And that hazier concept of gifting time, talent, or “less tangible things” that Buy Nothing lists under its explanation of “stuff” can be left to interpretation.
I spoke with Donna V., a Checkbook member who was banned from her group over a difference of opinion. She had been giving and getting items for more than a year when she posted a wish for advice on how to pot a seed that had sprouted in water.
“The rules include examples of asking for help, knowledge, ‘anything a neighbor would do for a neighbor,’ and I think advice about how to do something falls into that category,” Donna said. “But the admin disagreed and deleted my post.”
When Donna privately messaged the admin to ask why her post was removed, they referred to the rules, specifically that she could, for example, “ask someone… to show you how to make banana bread.”
“That seems a lot like asking someone to tell you how to pot a seedling,” she said. “So it was a wording issue. I had to find the specific, admin-approved words to ask or wish for the gift of knowledge or whatever it was.”
A few weeks later, another member of the group posted a wish for advice about her daughter’s recent celiac diagnosis.
“People were commenting, offering recipes, and then the post and comments disappeared,” Donna said. “And the original poster made another post, asking why the first one had been deleted. So I told her the admins don’t allow requests for advice. She said, ‘But the rules say you can.’ And I agreed.”
Not long after, Donna was kicked out of her Buy Nothing group when the moderators determined she opposed the Buy Nothing mission. She was invited to submit a request to join again in 30 days, but she instead has embraced Freecycle and other splinter Buy Nothing groups made up of former members banned for similar reasons.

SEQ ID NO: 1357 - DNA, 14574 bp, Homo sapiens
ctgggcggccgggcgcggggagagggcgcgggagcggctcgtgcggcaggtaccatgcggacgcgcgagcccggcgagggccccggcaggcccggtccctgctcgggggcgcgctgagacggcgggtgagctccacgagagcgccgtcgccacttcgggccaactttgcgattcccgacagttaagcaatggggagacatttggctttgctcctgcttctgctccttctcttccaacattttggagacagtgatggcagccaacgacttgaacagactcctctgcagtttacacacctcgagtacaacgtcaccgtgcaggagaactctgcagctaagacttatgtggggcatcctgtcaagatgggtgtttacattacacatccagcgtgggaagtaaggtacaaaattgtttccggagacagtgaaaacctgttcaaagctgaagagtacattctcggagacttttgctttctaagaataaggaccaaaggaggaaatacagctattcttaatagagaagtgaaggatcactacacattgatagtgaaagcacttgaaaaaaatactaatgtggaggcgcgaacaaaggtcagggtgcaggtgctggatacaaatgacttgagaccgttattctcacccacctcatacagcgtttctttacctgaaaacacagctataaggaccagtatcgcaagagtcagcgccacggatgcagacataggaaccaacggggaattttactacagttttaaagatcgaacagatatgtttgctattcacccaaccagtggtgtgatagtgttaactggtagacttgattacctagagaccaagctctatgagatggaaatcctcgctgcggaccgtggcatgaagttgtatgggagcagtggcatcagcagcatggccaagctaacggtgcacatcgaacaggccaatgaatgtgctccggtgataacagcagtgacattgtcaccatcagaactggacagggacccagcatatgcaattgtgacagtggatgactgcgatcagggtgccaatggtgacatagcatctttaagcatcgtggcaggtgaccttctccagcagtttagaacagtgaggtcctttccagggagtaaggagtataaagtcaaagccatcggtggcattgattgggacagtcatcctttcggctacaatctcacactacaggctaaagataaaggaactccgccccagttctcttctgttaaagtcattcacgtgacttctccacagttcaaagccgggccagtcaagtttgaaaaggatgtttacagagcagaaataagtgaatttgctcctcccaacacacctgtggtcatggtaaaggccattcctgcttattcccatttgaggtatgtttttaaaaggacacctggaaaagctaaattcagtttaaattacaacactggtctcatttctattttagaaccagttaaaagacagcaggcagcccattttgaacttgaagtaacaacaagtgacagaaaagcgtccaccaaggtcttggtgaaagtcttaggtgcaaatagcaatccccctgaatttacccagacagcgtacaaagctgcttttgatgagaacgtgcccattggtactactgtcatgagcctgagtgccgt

When Checkbook asked about these discrepancies, Buy Nothing’s Moegling said, “The majority of the groups adhere to the Buy Nothing 10 Rules. Some groups choose to add new rules or best practices to serve their own local communities in specific ways.”
How to Get Involved
It takes some effort to find places for your unwanted stuff, but many of our staff and members have found participating in these communities to be rewarding.
Before searching for something or listing an item, consider these ground rules:
- Read and follow the group’s guidelines. As mentioned above, some are sticklers. If you’re not sure, ask an administrator.
- Clean your stuff beforehand—wash clothes and kitchen items, wipe down toys, etc. A little effort will be appreciated.
- For posts you share, include pics and measurements, disclose if it’s broken, and list pickup details.
- Say “Please” and “Thank you!” Too many folks we spoke with commented that some recipients were disappointingly rude.
- If you’re picking up an item, take a friend along or meet in a public space. Many police stations provide safe areas for these exchanges.
- Don’t be insulted if no one wants your stuff. Try, try again.
- Once the item has been picked up, promptly update your listing to let others know it’s been taken.
- If you’re looking to clear out a lot of stuff, creating dozens of giveaway posts won’t necessarily be the most efficient way to do that—it takes work to list multiple items and schedule pickups.
For more advice, see our section Getting Rid of Your Unwanted Stuff.